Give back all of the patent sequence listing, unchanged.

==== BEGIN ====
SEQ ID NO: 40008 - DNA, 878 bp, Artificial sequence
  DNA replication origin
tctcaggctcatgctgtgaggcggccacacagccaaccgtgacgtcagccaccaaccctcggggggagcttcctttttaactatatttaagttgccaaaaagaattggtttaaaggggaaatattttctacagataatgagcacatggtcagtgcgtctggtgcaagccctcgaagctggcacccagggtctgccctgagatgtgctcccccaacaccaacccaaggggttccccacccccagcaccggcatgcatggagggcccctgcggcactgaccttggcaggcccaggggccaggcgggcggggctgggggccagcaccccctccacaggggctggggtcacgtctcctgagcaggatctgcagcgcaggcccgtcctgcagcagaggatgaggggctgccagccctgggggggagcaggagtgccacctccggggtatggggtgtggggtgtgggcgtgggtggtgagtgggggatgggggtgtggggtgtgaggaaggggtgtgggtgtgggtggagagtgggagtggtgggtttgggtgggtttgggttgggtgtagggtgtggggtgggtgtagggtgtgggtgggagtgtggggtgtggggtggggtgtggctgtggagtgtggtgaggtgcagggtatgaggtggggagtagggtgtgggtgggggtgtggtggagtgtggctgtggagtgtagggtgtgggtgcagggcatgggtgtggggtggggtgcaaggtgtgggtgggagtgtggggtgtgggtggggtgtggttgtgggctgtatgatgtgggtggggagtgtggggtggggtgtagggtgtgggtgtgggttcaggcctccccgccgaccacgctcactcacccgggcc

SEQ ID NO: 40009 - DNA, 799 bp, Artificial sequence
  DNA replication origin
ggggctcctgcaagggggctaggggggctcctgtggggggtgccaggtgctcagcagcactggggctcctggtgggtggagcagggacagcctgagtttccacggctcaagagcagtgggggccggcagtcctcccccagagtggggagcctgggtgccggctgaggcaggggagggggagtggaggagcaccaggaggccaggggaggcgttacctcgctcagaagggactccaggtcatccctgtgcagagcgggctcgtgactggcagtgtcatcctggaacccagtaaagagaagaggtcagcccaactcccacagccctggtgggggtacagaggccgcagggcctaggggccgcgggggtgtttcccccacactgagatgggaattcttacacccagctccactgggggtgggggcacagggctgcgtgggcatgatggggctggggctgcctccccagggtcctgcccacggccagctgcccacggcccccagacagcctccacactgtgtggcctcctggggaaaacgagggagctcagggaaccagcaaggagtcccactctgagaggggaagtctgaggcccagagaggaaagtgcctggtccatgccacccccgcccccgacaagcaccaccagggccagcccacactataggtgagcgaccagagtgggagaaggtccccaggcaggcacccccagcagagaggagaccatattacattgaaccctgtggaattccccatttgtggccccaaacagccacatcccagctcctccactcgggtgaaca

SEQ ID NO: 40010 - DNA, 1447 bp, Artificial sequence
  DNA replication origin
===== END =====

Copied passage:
SEQ ID NO: 40008 - DNA, 878 bp, Artificial sequence
  DNA replication origin
tctcaggctcatgctgtgaggcggccacacagccaaccgtgacgtcagccaccaaccctcggggggagcttcctttttaactatatttaagttgccaaaaagaattggtttaaaggggaaatattttctacagataatgagcacatggtcagtgcgtctggtgcaagccctcgaagctggcacccagggtctgccctgagatgtgctcccccaacaccaacccaaggggttccccacccccagcaccggcatgcatggagggcccctgcggcactgaccttggcaggcccaggggccaggcgggcggggctgggggccagcaccccctccacaggggctggggtcacgtctcctgagcaggatctgcagcgcaggcccgtcctgcagcagaggatgaggggctgccagccctgggggggagcaggagtgccacctccggggtatggggtgtggggtgtgggcgtgggtggtgagtgggggatgggggtgtggggtgtgaggaaggggtgtgggtgtgggtggagagtgggagtggtgggtttgggtgggtttgggttgggtgtagggtgtggggtgggtgtagggtgtgggtgggagtgtggggtgtggggtggggtgtggctgtggagtgtggtgaggtgcagggtatgaggtggggagtagggtgtgggtgggggtgtggtggagtgtggctgtggagtgtagggtgtgggtgcagggcatgggtgtggggtggggtgcaaggtgtgggtgggagtgtggggtgtgggtggggtgtggttgtgggctgtatgatgtgggtggggagtgtggggtggggtgtagggtgtgggtgtgggttcaggcctccccgccgaccacgctcactcacccgggcc

SEQ ID NO: 40009 - DNA, 799 bp, Artificial sequence
  DNA replication origin
ggggctcctgcaagggggctaggggggctcctgtggggggtgccaggtgctcagcagcactggggctcctggtgggtggagcagggacagcctgagtttccacggctcaagagcagtgggggccggcagtcctcccccagagtggggagcctgggtgccggctgaggcaggggagggggagtggaggagcaccaggaggccaggggaggcgttacctcgctcagaagggactccaggtcatccctgtgcagagcgggctcgtgactggcagtgtcatcctggaacccagtaaagagaagaggtcagcccaactcccacagccctggtgggggtacagaggccgcagggcctaggggccgcgggggtgtttcccccacactgagatgggaattcttacacccagctccactgggggtgggggcacagggctgcgtgggcatgatggggctggggctgcctccccagggtcctgcccacggccagctgcccacggcccccagacagcctccacactgtgtggcctcctggggaaaacgagggagctcagggaaccagcaaggagtcccactctgagaggggaagtctgaggcccagagaggaaagtgcctggtccatgccacccccgcccccgacaagcaccaccagggccagcccacactataggtgagcgaccagagtgggagaaggtccccaggcaggcacccccagcagagaggagaccatattacattgaaccctgtggaattccccatttgtggccccaaacagccacatcccagctcctccactcgggtgaaca

SEQ ID NO: 40010 - DNA, 1447 bp, Artificial sequence
  DNA replication origin